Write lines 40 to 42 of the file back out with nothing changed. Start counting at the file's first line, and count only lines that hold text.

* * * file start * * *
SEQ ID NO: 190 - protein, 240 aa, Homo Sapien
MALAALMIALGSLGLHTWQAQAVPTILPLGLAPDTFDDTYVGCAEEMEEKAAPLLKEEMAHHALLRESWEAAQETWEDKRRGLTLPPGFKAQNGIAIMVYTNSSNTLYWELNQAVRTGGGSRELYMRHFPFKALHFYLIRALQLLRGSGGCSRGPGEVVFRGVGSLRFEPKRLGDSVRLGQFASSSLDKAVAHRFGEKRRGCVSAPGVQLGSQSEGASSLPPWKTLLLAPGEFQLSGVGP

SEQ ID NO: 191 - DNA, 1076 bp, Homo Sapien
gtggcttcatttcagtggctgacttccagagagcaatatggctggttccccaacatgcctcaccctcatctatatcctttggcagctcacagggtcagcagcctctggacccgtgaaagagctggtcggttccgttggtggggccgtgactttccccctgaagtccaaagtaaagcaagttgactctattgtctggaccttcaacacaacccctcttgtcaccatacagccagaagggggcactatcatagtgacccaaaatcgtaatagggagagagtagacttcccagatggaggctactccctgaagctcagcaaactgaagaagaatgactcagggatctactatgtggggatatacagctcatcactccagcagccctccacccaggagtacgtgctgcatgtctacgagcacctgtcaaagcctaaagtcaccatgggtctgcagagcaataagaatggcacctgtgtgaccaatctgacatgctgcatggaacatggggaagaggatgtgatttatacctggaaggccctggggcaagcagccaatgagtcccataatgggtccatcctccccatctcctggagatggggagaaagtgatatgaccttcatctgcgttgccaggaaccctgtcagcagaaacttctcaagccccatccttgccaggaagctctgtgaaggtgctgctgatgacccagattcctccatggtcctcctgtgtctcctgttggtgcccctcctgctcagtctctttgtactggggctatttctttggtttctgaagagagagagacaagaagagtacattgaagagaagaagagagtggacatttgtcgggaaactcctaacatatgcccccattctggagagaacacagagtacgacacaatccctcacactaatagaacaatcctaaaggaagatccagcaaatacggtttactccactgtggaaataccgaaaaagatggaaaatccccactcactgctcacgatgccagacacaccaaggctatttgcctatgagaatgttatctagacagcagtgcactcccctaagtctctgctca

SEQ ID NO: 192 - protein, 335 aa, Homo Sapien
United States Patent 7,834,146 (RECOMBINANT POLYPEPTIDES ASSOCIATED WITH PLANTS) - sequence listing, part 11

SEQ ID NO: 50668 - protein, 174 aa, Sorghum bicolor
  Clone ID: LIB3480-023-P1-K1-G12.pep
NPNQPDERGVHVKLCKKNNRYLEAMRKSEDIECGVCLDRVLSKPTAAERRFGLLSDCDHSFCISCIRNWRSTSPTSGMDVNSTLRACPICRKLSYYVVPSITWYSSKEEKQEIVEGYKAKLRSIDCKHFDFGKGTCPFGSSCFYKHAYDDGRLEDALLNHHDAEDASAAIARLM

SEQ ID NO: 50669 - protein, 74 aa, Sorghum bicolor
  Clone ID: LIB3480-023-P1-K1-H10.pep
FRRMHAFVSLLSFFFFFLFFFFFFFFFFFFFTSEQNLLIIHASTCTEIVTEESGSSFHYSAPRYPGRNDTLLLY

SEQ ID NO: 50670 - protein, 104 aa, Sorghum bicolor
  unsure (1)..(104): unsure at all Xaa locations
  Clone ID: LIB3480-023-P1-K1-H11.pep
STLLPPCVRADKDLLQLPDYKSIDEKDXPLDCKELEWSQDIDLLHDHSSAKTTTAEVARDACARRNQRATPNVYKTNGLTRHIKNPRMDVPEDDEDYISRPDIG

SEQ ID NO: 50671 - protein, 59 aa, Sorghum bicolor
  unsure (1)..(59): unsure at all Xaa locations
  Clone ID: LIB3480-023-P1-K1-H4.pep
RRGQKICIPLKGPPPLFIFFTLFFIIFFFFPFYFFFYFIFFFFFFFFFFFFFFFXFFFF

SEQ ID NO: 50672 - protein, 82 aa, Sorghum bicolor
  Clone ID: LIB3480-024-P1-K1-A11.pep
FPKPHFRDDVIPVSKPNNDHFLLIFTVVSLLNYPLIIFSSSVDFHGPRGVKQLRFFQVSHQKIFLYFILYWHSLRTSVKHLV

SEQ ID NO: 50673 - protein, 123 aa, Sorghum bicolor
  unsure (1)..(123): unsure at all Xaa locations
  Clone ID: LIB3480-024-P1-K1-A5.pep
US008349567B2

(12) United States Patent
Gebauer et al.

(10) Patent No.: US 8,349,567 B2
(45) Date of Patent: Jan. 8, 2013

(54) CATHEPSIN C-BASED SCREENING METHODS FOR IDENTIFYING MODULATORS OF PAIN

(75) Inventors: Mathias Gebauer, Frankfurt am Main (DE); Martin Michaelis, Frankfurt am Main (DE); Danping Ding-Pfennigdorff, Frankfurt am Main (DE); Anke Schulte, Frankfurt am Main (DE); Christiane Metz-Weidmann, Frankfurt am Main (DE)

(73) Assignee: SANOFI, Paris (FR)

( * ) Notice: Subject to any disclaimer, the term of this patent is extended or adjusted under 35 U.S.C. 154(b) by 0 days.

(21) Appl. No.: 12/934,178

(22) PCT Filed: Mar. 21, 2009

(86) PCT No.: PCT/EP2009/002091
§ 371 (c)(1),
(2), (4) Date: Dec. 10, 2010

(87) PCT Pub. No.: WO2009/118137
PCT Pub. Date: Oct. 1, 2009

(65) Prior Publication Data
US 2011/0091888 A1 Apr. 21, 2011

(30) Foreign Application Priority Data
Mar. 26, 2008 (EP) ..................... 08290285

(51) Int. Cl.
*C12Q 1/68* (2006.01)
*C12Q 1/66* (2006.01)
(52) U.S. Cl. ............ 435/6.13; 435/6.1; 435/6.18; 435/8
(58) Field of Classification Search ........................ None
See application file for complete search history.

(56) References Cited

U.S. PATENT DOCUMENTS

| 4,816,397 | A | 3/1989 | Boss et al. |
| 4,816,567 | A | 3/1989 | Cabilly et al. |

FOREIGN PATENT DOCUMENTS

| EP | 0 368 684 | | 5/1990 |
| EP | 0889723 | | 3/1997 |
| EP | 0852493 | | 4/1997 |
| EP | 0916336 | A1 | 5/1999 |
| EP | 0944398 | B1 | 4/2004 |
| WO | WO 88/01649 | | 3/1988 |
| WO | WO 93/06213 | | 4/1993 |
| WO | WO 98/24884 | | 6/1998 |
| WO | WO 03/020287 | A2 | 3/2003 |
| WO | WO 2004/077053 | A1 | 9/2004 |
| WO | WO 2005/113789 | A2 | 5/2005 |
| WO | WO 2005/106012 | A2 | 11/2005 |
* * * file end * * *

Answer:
(2), (4) Date: Dec. 10, 2010

(87) PCT Pub. No.: WO2009/118137
PCT Pub. Date: Oct. 1, 2009